One of the many new aspects of our life at the house on Elkelton was a color television. The Curtis Mathes set was Colonial in style and made of maple. It was a big box of a thing that sat on four decorative legs about six inches off the floor. To me, it resembled a cartoon pig with legs too small to support its body. In 1968, it was the Cadillac of color televisions. The last time we had a television in the house, it was nothing like this. The old black and white cube of a set with the simulated wood finish had followed us to Spain and back and was sitting in the garage looking every bit the oddity it was. After begging our parents to stop at every motel that advertised a color TV on our drive across the country, the idea of seeing a large screened wonder sitting in our own living room was almost magical.
Years of playing outside with the neighborhood pack on the Navy base quickly transitioned into TV Guide scheduled reruns on school afternoons and late weekend nights. Sliding down grassy banks on flattened cardboard boxes, drawing on the street in front of our house with roadside chalk, playing jacks, and roller skating were replaced by the canned laughter of Bewitched, That Girl, and The Beverly Hillbillies. Gilligan’s Island practically played on loop– ridiculous considering the show only ran two years on prime time. With only three channels to choose from, our viewing schedule was pretty much set.
We watched so much television, I still remember the words and melodies of some of the commercial ditties–like Van de Kamp’s Baked Beans. Thanks to the wonder of the internet, you can go back in time to enjoy this gem my brain has safely stored on its Rolodex.
“All the little things that make you smile and glow!” Or as my stepfather Leo referred to beans when they were on the dinner menu, “Hundreds of magical things.”
We rarely if ever had the ability to make requests of my mom when the time came for the every other week grocery shop at the Navy commissary. But now, we were connoisseurs of whatever brand caught our attention thanks to television. No longer were we locked into the Prell, Crest, Zest household we’d been for as long as I could remember. I can still smell the Pledge furniture polish we used when it was my turn to clean the living room, or the Ivory dishwashing liquid when it was my turn to do the dinner dishes. Soon, Palmolive, Irish Spring, and the Brawny paper towels that only Leo was allowed to use made their way into our lives. Where as before, we walked home from school for lunch each day, now we had our very own supply of Twinkies, Ding Dongs, and Ruffles potato chips or Fritos to stuff into baggies each day. It’s no wonder my weight began to creep up. By the time I was in the 8th grade, my lean body had grown to 130 lbs.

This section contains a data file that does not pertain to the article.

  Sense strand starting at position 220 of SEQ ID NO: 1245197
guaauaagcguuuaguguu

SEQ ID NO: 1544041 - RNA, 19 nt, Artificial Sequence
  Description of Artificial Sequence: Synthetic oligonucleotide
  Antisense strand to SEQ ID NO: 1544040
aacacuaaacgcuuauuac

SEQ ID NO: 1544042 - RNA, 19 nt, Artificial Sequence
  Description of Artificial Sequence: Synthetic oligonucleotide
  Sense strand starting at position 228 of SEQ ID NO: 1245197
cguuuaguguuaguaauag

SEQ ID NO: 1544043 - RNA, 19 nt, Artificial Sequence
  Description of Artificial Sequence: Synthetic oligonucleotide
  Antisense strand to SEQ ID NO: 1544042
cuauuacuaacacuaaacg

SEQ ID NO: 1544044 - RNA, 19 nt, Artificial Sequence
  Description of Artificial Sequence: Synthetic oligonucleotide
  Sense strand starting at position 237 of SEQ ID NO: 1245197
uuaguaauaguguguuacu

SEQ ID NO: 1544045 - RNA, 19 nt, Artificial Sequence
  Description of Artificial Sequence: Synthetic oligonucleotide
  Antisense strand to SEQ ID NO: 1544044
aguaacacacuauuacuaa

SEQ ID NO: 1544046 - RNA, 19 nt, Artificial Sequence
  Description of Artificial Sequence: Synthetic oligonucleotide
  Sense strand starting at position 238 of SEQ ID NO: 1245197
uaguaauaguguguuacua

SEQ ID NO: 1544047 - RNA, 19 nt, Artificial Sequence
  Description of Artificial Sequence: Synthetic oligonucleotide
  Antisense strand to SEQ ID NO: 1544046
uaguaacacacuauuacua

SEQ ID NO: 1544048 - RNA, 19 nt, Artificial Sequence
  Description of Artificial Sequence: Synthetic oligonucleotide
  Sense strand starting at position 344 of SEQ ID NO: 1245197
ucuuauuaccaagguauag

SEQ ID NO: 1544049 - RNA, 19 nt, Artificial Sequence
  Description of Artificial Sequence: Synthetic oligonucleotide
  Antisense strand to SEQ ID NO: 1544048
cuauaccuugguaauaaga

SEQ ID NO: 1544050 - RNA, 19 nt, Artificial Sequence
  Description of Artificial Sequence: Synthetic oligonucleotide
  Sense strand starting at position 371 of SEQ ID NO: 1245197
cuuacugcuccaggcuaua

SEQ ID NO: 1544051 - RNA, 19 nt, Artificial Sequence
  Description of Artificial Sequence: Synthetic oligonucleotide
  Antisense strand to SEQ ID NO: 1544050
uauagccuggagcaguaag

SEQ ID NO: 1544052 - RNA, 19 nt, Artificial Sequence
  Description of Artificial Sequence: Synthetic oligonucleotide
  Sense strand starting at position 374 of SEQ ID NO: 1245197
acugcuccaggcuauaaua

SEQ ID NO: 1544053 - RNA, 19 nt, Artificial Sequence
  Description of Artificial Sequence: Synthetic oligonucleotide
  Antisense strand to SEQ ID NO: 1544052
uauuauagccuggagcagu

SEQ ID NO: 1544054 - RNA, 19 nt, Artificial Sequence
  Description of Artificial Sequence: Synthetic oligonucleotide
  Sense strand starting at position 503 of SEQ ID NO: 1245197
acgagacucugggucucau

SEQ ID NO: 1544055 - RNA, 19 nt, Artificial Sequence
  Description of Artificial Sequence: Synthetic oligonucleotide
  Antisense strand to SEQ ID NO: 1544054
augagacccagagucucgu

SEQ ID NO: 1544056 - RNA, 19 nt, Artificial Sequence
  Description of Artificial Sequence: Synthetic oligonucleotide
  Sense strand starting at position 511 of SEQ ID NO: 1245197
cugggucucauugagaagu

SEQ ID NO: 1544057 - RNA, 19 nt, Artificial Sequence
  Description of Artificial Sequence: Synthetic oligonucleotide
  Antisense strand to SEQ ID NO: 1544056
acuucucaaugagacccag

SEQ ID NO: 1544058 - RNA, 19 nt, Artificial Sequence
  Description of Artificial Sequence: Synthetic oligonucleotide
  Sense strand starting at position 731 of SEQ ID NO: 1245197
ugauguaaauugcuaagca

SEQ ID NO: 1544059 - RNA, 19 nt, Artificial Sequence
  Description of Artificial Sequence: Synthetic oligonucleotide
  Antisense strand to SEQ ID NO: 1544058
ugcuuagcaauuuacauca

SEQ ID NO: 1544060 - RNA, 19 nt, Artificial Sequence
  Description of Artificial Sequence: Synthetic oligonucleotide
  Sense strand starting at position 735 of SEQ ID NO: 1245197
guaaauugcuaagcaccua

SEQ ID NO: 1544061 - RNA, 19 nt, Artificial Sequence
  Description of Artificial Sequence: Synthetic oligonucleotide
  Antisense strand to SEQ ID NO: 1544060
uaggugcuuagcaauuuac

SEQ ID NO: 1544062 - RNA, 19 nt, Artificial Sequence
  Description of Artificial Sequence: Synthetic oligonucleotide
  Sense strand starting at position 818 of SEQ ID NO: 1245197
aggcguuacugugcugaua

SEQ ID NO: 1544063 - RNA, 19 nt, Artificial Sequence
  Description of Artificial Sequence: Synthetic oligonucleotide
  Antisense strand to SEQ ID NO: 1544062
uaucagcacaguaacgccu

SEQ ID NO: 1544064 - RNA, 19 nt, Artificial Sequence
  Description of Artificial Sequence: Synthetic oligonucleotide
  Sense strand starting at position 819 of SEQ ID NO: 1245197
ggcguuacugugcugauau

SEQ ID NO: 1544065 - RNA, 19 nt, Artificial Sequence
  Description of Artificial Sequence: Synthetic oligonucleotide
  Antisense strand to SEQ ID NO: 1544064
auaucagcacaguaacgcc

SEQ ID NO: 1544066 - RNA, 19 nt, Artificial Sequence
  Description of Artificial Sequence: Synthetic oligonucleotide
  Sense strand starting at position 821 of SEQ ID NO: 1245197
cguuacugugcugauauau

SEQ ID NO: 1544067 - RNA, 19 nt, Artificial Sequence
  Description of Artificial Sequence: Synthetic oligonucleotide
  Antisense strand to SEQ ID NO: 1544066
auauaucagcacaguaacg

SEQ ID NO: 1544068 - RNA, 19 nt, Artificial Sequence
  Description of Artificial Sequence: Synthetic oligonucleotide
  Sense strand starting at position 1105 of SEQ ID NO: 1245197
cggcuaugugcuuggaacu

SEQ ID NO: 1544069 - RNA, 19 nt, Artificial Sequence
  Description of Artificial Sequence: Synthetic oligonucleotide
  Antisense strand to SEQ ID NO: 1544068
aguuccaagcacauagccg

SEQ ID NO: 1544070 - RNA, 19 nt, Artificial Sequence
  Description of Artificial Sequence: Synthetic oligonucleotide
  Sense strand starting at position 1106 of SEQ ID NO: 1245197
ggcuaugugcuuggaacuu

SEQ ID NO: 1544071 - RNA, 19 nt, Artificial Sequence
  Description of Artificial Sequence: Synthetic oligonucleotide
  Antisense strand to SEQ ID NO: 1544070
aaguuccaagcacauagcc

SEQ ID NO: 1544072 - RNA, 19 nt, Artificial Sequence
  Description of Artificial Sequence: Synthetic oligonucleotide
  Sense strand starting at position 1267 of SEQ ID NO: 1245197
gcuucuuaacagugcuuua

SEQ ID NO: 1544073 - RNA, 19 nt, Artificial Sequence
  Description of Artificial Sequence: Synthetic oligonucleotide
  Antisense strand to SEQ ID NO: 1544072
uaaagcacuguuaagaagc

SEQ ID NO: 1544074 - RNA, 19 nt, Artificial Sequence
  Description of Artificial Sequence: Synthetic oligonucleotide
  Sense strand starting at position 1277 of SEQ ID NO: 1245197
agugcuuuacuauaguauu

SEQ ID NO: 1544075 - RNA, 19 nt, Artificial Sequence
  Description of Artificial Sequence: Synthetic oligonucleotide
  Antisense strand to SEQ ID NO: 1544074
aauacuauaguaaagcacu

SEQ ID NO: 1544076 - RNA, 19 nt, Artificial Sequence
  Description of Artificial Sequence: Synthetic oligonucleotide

The irony of having a new color television is that I discovered the comfort of old black and white movies. I’d scan the TV Guide for them, marking the listing with a star to make it known I had dibs on the time slot. I was a movie fan in general because the theater and drive-in on the base were free and my parents treated us regularly. But this was different. Other than the Charlie Chan movies that aired on Sunday mornings after Mass which we watched together while making burgers (yes, you read that correctly–burgers for breakfast), I was the only one who seemed to be interested. I soon found my quiet time with Hedy Lamarr and Esther Williams. I fell in love with Robert Young and Cary Grant. Carole Lombard, Lauren Bacall, and Loretta Young all left me start struck. Movies like Mrs. Miniver, The Ghost and Mrs. Muir, and It’s a Wonderful Life became favorites I to watch to this day when I happen upon one of them and feel the need for nostalgia. Musicals and romance comedies in particular became the perfect escape from the rapidly approaching wool suit of adolescence.
And then there was the news. It would have been impossible not to be aware of world events considering we had lived on a Navy base positioned at the mouth of the Mediterranean during the Vietnam War. But the base was a relatively small community and the US thousands of miles away. Still, we knew how unpopular the war was and of the protests taking place at home. Of the assassinations of Dr. Martin Luther King Jr. and Senator Robert Kennedy within less than two months of one another, and just as we were preparing to return home. Of President Johnson deciding not to run for reelection and Richard Nixon deciding to give it one more try. Still, it was like being in a cocoon, sheltered from reality. News happened elsewhere to others.
Now, the news was in our living room, daily. Walter Cronkite reported from Vietnam in fatigues and a helmet. Choppers whooped in the background as men on the ground carried casualties on stretchers to unload them into open bays. Young men burned draft cards, women burned bras. The Soviet Union invades Czechoslovakia. Black Olympians raise their fists during a medal ceremony in Mexico City in protest of the violence and poverty Black Americans are subjected to. Astronauts circle the moon and return to Earth safely for the first time.
As much as having a television provided an escape, there was no escaping the harsh realities of life.
To be continued…
This is a draft of a memoir. I’m participating in NaNoWriMo and writing about my life in houses. It’s uncomfortable to put myself out here like this, unedited and by the seat of my pants, but I’ve got 14 days to get a good foundation down for something I’ve wanted to write for a long time. We’ll be off to England then for several weeks, and I hope to have something solid enough to work with when we return. Thanks for reading. All input is appreciated.